Relationship between 800-m running performance and accumulated oxygen deficit in middle-distance runners

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Abstract

Purpose:

To determine whether there is a significant relationship between accumulated oxygen deficit (AOD) and 800-m running performance in a group of runners of homogeneous ability.

Methods:

Nine well-trained male middle and long distance runners (age = 24.7 ± 4.5 yr, body mass = 69.4 ± 8.5 kg, V˙O2max = 64.8 ± 4.5 mL·kg−1·min−1) underwent treadmill testing to determine maximum oxygen uptake (V˙O2max), running economy (RE) at 1% and 10.5% treadmill gradient, and AOD at 1% and 10.5% treadmill gradient; 800-m running performance was determined by time trials on an outdoor 440-yd track, for which the average time was 132 ± 4 s. For the AOD test, subjects were required to run on the treadmill at supramaximal speeds until volitional exhaustion. The AOD value was calculated using linear (LIN) and curvilinear (CUR) extrapolation procedures.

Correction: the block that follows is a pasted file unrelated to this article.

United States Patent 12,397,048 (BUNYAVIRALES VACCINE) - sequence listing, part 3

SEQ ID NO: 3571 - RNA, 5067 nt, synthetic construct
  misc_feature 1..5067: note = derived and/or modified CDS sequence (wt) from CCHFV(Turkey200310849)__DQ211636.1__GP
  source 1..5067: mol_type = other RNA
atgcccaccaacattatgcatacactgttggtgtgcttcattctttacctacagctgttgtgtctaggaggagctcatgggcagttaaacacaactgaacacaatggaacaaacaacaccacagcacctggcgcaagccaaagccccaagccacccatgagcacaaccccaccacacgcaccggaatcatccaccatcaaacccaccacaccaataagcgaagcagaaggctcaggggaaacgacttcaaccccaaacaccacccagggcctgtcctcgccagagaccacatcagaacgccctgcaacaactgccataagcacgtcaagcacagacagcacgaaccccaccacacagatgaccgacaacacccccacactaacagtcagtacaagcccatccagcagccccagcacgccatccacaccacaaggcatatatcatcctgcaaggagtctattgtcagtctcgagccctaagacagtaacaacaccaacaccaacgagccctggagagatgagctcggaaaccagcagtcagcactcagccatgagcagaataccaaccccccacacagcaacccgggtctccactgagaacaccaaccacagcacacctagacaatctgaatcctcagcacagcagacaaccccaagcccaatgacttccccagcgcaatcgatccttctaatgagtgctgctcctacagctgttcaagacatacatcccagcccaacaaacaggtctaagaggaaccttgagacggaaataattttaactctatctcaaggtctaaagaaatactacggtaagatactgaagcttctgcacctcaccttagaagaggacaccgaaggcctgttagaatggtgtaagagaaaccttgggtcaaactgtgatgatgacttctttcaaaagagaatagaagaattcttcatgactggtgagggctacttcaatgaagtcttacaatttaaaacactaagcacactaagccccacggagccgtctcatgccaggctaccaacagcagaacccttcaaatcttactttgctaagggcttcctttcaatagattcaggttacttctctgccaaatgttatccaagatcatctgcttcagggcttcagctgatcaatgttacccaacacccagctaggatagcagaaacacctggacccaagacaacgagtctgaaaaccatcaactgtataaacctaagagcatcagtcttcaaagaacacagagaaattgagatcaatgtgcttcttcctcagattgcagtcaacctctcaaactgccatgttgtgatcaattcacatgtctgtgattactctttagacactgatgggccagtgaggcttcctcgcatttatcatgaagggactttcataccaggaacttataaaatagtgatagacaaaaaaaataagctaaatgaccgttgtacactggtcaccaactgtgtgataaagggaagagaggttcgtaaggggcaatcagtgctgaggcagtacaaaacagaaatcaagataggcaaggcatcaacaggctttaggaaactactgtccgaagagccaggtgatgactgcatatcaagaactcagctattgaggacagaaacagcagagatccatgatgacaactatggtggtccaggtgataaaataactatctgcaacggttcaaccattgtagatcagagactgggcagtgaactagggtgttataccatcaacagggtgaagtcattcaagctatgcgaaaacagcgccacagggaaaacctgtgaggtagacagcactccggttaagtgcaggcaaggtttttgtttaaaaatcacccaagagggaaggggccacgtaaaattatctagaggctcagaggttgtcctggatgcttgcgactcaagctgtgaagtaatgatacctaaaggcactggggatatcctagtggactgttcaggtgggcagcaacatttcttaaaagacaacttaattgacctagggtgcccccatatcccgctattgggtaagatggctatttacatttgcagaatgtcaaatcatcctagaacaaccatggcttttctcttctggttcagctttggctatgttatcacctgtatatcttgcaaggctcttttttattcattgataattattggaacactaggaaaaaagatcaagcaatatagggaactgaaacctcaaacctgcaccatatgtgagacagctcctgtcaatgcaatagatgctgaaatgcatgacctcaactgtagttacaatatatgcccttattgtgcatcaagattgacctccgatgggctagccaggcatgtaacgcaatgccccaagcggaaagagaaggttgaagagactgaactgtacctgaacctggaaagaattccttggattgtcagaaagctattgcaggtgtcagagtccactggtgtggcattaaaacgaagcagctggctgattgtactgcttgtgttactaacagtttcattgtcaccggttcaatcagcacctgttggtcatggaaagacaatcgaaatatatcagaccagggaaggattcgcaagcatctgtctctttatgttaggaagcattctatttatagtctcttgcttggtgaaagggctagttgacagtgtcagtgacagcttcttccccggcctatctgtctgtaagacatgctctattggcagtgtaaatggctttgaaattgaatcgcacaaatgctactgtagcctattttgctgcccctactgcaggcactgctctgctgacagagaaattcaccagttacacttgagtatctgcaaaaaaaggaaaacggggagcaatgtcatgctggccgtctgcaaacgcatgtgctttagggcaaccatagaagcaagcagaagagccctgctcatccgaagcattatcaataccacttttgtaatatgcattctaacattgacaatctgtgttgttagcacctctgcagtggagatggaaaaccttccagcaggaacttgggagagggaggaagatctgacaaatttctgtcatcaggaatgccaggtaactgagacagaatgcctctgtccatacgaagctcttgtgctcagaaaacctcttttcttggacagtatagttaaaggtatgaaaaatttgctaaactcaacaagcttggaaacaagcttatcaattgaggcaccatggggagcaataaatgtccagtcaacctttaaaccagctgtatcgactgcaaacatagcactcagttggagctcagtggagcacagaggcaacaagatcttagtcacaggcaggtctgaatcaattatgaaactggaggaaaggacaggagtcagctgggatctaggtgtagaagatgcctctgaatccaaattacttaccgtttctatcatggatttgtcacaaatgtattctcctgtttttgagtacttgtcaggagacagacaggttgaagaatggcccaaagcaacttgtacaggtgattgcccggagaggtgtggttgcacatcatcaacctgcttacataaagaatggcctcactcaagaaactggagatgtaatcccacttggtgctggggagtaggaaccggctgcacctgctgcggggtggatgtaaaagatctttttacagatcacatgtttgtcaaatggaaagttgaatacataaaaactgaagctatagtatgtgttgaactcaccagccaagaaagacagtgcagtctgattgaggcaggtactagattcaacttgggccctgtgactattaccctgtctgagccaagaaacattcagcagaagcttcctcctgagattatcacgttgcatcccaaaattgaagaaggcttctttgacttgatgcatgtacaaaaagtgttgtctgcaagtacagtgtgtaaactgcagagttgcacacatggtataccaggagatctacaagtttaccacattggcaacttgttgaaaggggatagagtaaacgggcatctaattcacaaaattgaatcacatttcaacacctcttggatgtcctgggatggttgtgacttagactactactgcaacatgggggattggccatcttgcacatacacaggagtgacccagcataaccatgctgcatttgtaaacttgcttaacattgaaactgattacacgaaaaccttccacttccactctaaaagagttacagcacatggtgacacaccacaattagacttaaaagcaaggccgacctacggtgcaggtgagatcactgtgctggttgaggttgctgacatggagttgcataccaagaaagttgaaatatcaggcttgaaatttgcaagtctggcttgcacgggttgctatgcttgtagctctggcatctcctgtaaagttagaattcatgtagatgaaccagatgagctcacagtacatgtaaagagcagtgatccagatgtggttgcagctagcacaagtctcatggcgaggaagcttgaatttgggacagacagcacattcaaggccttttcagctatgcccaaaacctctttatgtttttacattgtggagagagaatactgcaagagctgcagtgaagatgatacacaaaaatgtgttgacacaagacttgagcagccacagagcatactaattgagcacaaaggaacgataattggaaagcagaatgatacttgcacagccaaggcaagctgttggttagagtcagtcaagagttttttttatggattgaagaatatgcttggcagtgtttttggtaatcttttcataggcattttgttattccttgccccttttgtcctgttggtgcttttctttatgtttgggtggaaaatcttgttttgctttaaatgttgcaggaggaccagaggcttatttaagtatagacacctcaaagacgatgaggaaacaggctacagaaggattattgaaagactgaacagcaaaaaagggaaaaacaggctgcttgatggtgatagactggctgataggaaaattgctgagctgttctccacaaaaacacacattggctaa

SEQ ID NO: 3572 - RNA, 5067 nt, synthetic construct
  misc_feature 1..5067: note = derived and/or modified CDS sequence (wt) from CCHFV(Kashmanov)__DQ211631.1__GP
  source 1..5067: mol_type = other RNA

Results:

Mean AOD values using LIN and CUR were 45.0 ± 6.9 and 59.3 ± 10.1 mL·kg−1 at a 1% treadmill gradient and 63.2 ± 10.6 and 93.6 ± 19.7 mL·kg−1 at a 10.5% gradient, respectively. No significant relationship was found between 800-m run time and AOD at 1% gradient or 10.5% gradient or when AOD was estimated from a linear or curvilinear fit of the V˙O2 data. Other variables measured in this study (e.g., V˙O2max and running economy) were not found to be predictive of 800-m run time.

Conclusion:

Among a homogeneous group of well-trained male middle- and long-distance runners, AOD measured at a 1% and 10.5% treadmill gradient is not significantly related to 800-m running performance.

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